Uncertainty over the future of trade is causing some Kentucky auto manufacturers to hold back on investment. The United States Mexico Canada Agreement, which would replace the North American Free Trade Agreement, still hasn’t been finalized.
Dave Tatman is the Executive Director of the Kentucky Automotive Industry Association. He said exports from Kentucky were down five percent in 2018 from the year before. Tatman disputes claims made by the Trump administration about U.S. auto manufacturers moving production to Mexico because of low labor costs.
“The fact is that Mexico has 44 different trade agreements with different countries that allow tariff-free trade,” he told WKU Public Radio. “And so if you build a product in Mexico you can export it to 44 different countries without any tax, without any export tariff.”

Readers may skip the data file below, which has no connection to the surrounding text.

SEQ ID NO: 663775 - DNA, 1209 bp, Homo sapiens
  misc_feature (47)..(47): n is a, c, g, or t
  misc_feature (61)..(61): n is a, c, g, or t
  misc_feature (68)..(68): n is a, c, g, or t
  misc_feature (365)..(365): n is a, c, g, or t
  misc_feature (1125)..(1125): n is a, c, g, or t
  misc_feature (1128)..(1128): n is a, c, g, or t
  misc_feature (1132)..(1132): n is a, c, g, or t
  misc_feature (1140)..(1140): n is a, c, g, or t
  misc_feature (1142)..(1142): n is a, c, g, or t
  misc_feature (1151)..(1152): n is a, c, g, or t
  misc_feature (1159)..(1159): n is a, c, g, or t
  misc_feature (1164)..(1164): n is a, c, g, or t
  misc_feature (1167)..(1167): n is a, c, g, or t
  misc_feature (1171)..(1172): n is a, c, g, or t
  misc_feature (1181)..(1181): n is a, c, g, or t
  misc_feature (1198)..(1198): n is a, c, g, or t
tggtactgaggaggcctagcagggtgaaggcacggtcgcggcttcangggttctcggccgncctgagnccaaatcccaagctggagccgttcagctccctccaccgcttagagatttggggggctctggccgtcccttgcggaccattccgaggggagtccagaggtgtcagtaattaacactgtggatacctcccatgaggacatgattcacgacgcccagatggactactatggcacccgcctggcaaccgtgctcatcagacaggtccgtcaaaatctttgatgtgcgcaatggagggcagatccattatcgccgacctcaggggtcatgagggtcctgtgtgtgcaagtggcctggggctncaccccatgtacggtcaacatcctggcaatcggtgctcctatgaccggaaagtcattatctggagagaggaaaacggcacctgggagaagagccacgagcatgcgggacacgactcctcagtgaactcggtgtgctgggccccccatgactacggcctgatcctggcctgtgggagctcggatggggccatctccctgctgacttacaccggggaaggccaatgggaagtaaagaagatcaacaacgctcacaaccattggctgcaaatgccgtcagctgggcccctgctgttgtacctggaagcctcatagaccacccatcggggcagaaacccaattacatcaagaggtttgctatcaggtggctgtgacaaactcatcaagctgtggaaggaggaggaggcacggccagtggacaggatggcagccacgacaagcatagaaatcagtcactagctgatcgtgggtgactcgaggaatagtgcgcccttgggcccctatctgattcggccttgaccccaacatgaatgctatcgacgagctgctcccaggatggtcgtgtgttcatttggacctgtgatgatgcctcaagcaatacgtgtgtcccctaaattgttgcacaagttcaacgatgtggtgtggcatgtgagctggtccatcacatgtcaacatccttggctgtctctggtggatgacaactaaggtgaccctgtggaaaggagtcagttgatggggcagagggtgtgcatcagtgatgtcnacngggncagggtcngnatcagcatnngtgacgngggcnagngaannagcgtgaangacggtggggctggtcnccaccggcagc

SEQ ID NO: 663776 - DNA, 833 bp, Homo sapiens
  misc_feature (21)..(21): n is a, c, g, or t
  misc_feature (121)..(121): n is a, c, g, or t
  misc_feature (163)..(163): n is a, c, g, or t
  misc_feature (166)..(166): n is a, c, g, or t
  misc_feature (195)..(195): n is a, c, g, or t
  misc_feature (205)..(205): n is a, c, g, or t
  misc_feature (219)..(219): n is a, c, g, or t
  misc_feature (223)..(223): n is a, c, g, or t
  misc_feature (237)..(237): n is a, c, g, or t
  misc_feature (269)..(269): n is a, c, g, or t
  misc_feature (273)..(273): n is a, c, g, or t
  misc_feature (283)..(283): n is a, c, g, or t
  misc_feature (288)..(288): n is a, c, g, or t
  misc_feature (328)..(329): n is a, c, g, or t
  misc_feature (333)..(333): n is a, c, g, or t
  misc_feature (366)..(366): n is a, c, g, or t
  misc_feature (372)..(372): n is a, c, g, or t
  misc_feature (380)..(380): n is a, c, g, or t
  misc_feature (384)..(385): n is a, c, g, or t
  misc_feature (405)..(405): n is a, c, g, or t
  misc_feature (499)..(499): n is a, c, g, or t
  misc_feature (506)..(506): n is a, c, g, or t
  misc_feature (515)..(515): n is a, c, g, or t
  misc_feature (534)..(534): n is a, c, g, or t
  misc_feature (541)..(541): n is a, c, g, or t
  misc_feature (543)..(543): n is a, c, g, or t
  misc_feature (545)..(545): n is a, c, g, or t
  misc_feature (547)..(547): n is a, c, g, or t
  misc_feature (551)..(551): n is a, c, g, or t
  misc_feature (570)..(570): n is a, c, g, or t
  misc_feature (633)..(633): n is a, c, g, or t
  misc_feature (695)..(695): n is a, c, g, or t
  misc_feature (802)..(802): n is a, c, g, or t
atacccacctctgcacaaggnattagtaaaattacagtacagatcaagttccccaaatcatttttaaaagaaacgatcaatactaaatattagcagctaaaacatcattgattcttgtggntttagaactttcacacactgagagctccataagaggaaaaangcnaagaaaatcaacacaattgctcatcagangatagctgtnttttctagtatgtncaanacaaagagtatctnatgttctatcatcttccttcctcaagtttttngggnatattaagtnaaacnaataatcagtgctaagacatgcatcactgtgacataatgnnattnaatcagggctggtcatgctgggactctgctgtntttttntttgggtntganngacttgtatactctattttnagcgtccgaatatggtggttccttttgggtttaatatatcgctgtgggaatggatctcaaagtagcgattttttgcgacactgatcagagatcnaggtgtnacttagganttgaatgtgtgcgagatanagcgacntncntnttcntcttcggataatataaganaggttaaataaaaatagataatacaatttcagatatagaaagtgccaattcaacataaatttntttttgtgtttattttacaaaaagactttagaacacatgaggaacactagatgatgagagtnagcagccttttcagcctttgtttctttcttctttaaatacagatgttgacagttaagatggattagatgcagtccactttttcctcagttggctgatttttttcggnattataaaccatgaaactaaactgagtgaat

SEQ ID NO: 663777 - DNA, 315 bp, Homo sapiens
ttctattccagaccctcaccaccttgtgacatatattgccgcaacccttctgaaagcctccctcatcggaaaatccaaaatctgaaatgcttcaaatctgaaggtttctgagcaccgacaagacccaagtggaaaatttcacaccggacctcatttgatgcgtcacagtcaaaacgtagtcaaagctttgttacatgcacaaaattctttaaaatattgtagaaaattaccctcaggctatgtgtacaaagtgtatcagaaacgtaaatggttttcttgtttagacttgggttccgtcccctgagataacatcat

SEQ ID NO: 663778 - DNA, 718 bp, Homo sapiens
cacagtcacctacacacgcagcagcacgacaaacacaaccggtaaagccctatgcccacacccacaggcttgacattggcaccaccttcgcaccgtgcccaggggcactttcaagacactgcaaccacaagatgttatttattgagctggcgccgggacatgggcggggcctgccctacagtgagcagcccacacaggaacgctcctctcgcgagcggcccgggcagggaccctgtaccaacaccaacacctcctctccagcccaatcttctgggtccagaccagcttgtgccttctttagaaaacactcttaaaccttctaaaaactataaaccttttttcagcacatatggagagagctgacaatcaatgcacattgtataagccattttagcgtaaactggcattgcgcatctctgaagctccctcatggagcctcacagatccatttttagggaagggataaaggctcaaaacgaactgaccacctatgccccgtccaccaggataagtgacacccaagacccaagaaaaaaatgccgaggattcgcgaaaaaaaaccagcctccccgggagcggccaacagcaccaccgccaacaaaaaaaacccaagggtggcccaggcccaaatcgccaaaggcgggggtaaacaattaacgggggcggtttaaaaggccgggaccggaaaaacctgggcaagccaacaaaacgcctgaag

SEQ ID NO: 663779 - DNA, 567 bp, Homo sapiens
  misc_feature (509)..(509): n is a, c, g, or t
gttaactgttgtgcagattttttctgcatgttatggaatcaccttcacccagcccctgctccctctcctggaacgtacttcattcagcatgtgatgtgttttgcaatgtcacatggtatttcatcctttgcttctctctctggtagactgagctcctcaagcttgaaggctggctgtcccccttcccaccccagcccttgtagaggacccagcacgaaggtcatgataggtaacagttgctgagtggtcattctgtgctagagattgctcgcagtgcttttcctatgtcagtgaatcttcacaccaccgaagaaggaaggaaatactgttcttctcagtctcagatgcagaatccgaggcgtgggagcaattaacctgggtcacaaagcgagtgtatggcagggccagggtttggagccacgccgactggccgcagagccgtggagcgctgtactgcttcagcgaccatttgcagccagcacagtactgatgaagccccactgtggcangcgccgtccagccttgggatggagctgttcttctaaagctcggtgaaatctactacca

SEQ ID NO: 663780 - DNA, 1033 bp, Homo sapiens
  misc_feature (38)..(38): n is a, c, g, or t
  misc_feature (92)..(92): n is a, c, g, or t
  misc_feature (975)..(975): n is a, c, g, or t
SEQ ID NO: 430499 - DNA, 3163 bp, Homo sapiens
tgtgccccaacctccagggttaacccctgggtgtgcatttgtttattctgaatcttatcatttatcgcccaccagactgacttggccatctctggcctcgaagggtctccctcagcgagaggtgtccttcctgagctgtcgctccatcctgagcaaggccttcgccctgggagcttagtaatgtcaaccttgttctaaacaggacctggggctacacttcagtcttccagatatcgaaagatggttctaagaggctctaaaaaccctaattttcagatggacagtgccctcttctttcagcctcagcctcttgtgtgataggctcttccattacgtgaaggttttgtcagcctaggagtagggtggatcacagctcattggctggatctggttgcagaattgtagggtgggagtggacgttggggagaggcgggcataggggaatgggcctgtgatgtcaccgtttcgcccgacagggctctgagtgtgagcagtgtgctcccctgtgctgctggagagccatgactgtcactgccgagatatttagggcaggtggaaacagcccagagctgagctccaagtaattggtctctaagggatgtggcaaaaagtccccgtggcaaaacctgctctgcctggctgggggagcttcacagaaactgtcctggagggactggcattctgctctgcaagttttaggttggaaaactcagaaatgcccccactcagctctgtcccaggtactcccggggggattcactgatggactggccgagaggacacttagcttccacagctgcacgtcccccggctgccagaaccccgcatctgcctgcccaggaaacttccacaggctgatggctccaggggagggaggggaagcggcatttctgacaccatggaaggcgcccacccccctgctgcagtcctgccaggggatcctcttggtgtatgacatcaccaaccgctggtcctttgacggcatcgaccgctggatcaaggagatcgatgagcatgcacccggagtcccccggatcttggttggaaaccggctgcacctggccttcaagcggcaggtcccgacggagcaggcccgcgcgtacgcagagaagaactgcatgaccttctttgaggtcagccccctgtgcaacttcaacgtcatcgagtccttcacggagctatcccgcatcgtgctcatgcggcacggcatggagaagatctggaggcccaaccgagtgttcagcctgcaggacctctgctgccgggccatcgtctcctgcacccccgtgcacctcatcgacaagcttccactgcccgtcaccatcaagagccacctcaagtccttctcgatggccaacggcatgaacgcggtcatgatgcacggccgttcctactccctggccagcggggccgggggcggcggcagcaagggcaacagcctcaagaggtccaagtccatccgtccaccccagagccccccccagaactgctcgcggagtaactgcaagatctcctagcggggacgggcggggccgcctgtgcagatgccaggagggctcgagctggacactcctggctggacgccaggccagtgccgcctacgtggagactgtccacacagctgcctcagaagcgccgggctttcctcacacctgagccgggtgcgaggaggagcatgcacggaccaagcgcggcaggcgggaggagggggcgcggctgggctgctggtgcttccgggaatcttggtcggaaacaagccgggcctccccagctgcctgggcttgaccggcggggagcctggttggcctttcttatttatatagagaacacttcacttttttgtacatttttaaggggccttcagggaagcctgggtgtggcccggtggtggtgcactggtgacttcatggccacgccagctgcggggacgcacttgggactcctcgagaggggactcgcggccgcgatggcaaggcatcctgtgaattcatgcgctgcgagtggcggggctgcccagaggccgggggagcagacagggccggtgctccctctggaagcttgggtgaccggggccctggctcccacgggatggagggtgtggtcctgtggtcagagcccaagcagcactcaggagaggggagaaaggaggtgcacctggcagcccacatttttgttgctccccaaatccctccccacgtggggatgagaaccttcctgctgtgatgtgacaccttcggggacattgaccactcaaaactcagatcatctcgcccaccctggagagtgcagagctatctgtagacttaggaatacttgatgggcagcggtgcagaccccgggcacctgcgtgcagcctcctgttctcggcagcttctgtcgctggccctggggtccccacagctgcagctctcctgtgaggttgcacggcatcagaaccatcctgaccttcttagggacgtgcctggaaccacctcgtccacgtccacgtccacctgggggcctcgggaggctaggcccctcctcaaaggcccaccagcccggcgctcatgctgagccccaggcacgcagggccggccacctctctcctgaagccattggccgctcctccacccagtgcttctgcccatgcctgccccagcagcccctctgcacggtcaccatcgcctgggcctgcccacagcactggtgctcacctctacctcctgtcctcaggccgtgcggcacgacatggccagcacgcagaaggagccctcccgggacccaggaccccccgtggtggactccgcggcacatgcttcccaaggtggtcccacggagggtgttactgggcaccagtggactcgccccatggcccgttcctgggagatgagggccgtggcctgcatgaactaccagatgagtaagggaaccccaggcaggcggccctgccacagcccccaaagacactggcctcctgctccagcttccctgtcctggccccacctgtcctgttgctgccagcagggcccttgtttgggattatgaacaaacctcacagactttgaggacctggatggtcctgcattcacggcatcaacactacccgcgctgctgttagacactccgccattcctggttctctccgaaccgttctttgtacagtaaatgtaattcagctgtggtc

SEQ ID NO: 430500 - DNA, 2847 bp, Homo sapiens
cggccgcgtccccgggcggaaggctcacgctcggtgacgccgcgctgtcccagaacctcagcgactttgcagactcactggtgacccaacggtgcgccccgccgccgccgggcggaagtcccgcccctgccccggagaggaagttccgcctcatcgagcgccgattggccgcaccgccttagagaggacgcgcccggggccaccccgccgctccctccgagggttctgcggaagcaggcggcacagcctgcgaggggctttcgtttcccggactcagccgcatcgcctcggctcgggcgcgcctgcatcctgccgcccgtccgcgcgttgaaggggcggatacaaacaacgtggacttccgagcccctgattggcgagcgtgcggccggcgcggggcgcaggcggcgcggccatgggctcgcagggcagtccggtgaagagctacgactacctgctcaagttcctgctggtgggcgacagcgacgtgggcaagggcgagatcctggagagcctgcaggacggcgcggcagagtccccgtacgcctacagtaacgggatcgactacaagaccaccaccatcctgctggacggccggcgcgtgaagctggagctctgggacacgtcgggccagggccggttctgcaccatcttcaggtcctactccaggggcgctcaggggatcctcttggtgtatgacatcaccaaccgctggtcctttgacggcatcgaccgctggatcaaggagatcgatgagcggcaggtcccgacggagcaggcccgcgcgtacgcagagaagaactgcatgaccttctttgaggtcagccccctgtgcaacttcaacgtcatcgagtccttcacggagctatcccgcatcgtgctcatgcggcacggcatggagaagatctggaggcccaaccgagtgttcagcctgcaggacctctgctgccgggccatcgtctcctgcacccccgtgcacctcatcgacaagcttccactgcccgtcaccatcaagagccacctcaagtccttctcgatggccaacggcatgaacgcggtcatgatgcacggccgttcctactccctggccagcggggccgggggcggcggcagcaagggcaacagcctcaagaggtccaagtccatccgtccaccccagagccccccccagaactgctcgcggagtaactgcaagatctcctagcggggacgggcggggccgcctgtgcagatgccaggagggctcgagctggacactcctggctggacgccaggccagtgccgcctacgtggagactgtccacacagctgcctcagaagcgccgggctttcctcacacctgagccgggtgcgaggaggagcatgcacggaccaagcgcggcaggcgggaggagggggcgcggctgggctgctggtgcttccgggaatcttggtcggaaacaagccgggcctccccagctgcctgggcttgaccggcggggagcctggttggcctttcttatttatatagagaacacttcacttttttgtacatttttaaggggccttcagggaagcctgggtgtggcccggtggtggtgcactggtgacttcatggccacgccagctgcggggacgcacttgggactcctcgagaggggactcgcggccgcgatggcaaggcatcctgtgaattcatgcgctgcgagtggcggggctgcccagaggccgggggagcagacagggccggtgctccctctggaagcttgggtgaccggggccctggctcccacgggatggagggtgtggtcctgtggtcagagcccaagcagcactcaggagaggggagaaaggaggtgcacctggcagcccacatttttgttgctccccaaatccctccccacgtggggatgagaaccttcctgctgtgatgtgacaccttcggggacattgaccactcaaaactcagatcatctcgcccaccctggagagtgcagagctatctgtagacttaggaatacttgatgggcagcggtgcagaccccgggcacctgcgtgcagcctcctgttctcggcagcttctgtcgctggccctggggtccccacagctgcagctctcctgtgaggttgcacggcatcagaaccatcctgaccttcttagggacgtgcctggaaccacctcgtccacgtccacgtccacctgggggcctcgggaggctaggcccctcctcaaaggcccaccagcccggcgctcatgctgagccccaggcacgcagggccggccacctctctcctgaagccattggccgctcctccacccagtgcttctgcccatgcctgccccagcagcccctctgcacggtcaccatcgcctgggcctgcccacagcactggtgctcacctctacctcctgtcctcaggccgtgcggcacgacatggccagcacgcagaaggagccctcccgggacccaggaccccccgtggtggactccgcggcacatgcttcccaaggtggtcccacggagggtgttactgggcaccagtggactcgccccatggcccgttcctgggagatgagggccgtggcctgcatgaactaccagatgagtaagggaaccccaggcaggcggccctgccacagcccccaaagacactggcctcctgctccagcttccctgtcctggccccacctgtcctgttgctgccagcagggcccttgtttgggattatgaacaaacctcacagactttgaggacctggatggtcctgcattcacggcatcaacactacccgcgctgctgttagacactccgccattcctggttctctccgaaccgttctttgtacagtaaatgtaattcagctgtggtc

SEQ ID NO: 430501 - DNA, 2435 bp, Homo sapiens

While Tatman doesn’t deny that wage rates are a part of the reason some manufacturers move their business to Mexico, he said it’s not the only reason. The industry is also waiting to see if they will face new import tariffs.
The U.S. Department of Commerce launched an investigation last year into whether trade in the auto industry posed national security risks. That report has been sent to President Trump, but the recommendations haven’t been made public yet.
The Commerce Department could recommend up to 25 percent import tariffs on automobiles and parts. Tatman said businesses are more hesitant to invest because they don’t know what the trade policies or tariffs are going to look like.
“We find the idea that the global automotive industry is a threat to national security to be very implausible. That just doesn’t make sense to us,” he said.
Tatman said there are virtually no vehicles built exclusively with one country’s products because it’s a global business. He said some parts cross borders six or seven times before a vehicle is finished.